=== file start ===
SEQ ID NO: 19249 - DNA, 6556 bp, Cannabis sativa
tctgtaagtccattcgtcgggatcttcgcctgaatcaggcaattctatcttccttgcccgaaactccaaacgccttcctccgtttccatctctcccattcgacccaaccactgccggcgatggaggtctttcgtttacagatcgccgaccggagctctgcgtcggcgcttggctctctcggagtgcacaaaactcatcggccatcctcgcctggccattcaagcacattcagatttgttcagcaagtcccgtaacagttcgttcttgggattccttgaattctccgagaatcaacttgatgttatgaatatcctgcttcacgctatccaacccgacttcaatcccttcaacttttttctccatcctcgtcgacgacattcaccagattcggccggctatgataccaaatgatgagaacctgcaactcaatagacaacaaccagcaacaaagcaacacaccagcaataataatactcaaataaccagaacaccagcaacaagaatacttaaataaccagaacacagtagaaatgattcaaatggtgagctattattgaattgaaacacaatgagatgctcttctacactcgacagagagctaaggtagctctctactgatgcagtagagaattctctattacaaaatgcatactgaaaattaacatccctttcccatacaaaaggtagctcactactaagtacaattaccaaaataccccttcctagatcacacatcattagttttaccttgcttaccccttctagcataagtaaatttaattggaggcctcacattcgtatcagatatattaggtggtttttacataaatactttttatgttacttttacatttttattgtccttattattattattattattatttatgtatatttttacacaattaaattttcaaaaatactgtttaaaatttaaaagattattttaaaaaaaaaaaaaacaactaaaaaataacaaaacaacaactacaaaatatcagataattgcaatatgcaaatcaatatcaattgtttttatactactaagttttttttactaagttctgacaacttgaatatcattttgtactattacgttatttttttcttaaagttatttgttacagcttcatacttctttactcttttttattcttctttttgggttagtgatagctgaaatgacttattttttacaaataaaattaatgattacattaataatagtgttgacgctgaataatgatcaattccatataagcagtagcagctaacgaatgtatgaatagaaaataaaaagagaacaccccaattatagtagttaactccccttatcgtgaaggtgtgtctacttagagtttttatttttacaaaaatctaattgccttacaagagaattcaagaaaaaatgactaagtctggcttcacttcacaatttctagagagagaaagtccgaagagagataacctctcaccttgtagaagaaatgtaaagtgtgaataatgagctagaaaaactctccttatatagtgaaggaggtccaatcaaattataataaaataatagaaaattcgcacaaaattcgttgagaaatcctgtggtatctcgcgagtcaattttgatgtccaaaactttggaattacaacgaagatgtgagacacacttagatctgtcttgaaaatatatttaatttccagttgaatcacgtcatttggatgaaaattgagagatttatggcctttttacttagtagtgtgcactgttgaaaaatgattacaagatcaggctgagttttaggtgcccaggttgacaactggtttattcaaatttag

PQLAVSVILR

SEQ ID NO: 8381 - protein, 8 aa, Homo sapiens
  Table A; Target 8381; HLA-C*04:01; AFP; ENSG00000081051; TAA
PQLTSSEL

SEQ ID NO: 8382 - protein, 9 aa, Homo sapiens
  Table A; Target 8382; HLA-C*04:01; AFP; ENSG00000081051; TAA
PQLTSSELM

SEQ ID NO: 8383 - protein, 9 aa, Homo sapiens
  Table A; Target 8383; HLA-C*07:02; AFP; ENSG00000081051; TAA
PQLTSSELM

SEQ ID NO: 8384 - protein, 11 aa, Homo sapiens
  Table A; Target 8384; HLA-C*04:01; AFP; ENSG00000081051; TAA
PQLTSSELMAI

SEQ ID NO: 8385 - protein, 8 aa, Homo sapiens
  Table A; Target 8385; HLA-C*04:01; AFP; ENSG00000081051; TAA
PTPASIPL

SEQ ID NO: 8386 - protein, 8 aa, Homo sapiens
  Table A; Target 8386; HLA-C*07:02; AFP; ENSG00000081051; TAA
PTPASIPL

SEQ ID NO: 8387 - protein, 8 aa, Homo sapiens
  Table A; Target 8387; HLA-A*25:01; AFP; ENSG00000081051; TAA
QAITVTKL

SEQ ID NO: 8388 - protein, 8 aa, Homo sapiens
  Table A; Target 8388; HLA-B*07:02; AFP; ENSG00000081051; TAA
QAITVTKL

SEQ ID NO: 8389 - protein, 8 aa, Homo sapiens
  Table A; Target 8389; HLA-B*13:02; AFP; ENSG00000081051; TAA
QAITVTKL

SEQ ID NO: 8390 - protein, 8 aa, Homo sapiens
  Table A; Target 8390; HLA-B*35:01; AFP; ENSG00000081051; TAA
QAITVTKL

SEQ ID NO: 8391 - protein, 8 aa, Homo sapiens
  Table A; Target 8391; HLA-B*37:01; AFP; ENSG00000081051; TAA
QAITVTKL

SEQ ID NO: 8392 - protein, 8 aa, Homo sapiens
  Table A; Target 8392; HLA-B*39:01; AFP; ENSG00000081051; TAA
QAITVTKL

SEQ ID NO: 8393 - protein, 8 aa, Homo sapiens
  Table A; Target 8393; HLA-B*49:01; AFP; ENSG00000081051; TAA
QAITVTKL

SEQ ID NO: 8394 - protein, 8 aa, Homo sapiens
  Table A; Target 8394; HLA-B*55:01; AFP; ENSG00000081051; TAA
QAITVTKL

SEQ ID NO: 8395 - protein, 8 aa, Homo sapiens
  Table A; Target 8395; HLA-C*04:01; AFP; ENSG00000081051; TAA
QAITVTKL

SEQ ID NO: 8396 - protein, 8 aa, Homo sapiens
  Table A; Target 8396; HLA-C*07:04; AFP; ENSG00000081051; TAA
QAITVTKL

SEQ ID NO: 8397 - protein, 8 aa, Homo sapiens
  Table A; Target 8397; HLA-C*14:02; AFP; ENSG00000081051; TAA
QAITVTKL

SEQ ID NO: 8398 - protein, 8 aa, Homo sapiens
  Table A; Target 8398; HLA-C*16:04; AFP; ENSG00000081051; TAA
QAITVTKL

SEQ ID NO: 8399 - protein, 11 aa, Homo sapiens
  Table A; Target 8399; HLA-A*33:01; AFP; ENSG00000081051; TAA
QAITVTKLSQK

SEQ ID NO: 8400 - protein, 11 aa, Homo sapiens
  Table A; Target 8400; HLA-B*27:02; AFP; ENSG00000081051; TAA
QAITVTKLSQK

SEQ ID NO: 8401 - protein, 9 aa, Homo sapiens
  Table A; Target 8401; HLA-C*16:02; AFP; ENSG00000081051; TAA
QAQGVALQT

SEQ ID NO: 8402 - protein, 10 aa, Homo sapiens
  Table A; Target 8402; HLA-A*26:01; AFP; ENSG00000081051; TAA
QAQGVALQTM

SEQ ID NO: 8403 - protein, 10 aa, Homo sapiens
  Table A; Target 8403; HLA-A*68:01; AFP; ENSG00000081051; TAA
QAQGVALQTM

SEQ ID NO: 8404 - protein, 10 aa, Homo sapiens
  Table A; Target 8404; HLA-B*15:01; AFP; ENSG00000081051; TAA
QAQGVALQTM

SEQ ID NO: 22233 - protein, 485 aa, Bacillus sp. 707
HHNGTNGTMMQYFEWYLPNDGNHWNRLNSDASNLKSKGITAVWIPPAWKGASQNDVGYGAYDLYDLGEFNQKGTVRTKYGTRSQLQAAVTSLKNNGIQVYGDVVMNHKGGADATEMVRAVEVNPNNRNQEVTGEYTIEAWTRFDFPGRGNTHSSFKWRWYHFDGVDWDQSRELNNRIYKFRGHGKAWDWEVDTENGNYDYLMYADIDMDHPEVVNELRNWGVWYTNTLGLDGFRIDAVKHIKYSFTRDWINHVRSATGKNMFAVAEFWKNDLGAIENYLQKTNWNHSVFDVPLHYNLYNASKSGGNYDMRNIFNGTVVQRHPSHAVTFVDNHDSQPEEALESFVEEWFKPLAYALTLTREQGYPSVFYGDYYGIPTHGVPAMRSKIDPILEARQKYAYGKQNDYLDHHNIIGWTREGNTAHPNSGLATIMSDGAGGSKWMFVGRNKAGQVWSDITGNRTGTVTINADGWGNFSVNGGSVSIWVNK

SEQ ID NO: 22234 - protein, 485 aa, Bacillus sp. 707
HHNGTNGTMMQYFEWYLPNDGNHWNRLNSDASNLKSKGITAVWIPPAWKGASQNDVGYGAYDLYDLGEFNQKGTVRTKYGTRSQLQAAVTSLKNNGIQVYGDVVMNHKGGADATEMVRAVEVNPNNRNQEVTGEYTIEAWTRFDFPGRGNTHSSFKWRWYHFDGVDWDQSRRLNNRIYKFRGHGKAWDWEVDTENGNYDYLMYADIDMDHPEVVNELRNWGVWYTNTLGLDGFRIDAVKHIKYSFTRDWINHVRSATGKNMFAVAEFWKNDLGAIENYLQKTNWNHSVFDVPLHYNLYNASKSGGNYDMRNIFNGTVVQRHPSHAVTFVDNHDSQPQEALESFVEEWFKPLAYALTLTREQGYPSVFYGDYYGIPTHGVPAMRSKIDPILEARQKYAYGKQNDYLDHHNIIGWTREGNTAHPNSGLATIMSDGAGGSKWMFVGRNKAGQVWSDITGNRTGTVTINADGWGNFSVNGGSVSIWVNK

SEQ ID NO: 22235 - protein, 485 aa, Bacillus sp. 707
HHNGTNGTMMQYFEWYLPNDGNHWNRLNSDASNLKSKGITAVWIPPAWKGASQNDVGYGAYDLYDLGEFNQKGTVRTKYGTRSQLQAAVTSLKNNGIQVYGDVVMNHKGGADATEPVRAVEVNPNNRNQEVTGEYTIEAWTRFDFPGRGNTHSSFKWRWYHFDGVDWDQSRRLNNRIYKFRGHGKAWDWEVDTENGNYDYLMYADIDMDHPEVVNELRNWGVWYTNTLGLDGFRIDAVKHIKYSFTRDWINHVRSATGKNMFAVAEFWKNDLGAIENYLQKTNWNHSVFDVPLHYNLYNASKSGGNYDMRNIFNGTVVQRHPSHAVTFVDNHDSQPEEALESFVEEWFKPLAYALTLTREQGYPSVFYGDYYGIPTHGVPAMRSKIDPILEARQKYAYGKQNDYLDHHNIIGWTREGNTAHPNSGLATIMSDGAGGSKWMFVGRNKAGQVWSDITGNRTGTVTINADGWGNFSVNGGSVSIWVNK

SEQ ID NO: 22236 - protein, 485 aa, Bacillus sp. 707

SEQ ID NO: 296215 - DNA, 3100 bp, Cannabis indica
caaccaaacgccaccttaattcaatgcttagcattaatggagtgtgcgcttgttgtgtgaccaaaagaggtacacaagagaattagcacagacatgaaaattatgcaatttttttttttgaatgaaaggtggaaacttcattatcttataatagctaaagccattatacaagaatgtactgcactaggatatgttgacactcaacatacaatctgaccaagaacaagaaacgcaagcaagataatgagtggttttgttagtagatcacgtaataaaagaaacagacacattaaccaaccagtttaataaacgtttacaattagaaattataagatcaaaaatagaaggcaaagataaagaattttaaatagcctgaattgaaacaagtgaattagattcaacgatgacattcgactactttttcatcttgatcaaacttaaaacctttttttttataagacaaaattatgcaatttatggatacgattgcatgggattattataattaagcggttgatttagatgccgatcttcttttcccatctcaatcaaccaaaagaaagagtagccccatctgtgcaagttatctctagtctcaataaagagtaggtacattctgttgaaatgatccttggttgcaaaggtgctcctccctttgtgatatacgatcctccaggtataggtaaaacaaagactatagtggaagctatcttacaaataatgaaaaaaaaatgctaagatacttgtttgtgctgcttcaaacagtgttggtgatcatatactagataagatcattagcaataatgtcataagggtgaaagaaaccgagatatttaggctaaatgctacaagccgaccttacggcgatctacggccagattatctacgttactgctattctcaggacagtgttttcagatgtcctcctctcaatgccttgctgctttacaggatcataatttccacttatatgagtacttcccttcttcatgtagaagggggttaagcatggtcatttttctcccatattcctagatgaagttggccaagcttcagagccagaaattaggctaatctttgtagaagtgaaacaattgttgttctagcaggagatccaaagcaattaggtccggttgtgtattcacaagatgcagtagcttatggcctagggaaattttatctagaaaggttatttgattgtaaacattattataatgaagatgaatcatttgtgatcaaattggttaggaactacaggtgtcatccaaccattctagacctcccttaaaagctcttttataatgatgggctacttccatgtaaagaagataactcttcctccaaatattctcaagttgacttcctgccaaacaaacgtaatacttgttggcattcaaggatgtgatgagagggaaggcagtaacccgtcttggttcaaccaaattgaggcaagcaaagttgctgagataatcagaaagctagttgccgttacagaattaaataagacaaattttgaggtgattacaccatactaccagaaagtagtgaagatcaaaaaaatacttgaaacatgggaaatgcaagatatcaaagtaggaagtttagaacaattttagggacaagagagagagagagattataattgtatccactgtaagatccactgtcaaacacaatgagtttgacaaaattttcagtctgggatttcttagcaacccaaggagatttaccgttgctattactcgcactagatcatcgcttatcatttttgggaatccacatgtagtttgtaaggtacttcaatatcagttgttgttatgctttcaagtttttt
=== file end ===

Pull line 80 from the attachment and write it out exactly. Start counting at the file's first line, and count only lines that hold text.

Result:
SEQ ID NO: 22235 - protein, 485 aa, Bacillus sp. 707